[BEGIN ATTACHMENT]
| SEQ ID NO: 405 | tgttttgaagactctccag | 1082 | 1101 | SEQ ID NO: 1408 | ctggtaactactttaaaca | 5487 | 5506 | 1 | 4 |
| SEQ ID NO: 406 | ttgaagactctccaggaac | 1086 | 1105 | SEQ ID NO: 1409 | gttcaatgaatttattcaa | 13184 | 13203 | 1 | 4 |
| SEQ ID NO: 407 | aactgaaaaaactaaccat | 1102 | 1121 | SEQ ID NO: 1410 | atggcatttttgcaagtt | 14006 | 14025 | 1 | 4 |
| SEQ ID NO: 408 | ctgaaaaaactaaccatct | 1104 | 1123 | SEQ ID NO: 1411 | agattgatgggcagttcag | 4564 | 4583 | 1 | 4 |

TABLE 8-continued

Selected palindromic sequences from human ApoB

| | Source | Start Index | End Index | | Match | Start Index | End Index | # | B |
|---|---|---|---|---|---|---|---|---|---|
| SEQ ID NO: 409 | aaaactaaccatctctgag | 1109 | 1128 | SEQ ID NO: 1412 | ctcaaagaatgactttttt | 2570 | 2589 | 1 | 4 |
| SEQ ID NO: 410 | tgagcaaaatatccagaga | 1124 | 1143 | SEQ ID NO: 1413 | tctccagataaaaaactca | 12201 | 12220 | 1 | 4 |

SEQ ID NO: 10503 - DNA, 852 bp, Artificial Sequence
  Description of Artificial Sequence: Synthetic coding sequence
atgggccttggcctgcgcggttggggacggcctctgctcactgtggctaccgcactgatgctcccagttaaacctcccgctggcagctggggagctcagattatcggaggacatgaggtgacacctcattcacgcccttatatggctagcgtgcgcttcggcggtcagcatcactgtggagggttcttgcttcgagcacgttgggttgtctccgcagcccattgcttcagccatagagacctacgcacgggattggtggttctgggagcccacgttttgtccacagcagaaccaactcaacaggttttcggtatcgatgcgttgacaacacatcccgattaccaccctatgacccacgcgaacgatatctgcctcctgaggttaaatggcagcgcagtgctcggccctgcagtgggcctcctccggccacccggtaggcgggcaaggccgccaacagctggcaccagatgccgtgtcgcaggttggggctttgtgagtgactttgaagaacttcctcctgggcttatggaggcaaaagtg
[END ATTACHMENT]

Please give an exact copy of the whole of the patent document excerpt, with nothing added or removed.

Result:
| SEQ ID NO: 405 | tgttttgaagactctccag | 1082 | 1101 | SEQ ID NO: 1408 | ctggtaactactttaaaca | 5487 | 5506 | 1 | 4 |
| SEQ ID NO: 406 | ttgaagactctccaggaac | 1086 | 1105 | SEQ ID NO: 1409 | gttcaatgaatttattcaa | 13184 | 13203 | 1 | 4 |
| SEQ ID NO: 407 | aactgaaaaaactaaccat | 1102 | 1121 | SEQ ID NO: 1410 | atggcatttttgcaagtt | 14006 | 14025 | 1 | 4 |
| SEQ ID NO: 408 | ctgaaaaaactaaccatct | 1104 | 1123 | SEQ ID NO: 1411 | agattgatgggcagttcag | 4564 | 4583 | 1 | 4 |

TABLE 8-continued

Selected palindromic sequences from human ApoB

| | Source | Start Index | End Index | | Match | Start Index | End Index | # | B |
|---|---|---|---|---|---|---|---|---|---|
| SEQ ID NO: 409 | aaaactaaccatctctgag | 1109 | 1128 | SEQ ID NO: 1412 | ctcaaagaatgactttttt | 2570 | 2589 | 1 | 4 |
| SEQ ID NO: 410 | tgagcaaaatatccagaga | 1124 | 1143 | SEQ ID NO: 1413 | tctccagataaaaaactca | 12201 | 12220 | 1 | 4 |

SEQ ID NO: 10503 - DNA, 852 bp, Artificial Sequence
  Description of Artificial Sequence: Synthetic coding sequence
atgggccttggcctgcgcggttggggacggcctctgctcactgtggctaccgcactgatgctcccagttaaacctcccgctggcagctggggagctcagattatcggaggacatgaggtgacacctcattcacgcccttatatggctagcgtgcgcttcggcggtcagcatcactgtggagggttcttgcttcgagcacgttgggttgtctccgcagcccattgcttcagccatagagacctacgcacgggattggtggttctgggagcccacgttttgtccacagcagaaccaactcaacaggttttcggtatcgatgcgttgacaacacatcccgattaccaccctatgacccacgcgaacgatatctgcctcctgaggttaaatggcagcgcagtgctcggccctgcagtgggcctcctccggccacccggtaggcgggcaaggccgccaacagctggcaccagatgccgtgtcgcaggttggggctttgtgagtgactttgaagaacttcctcctgggcttatggaggcaaaagtg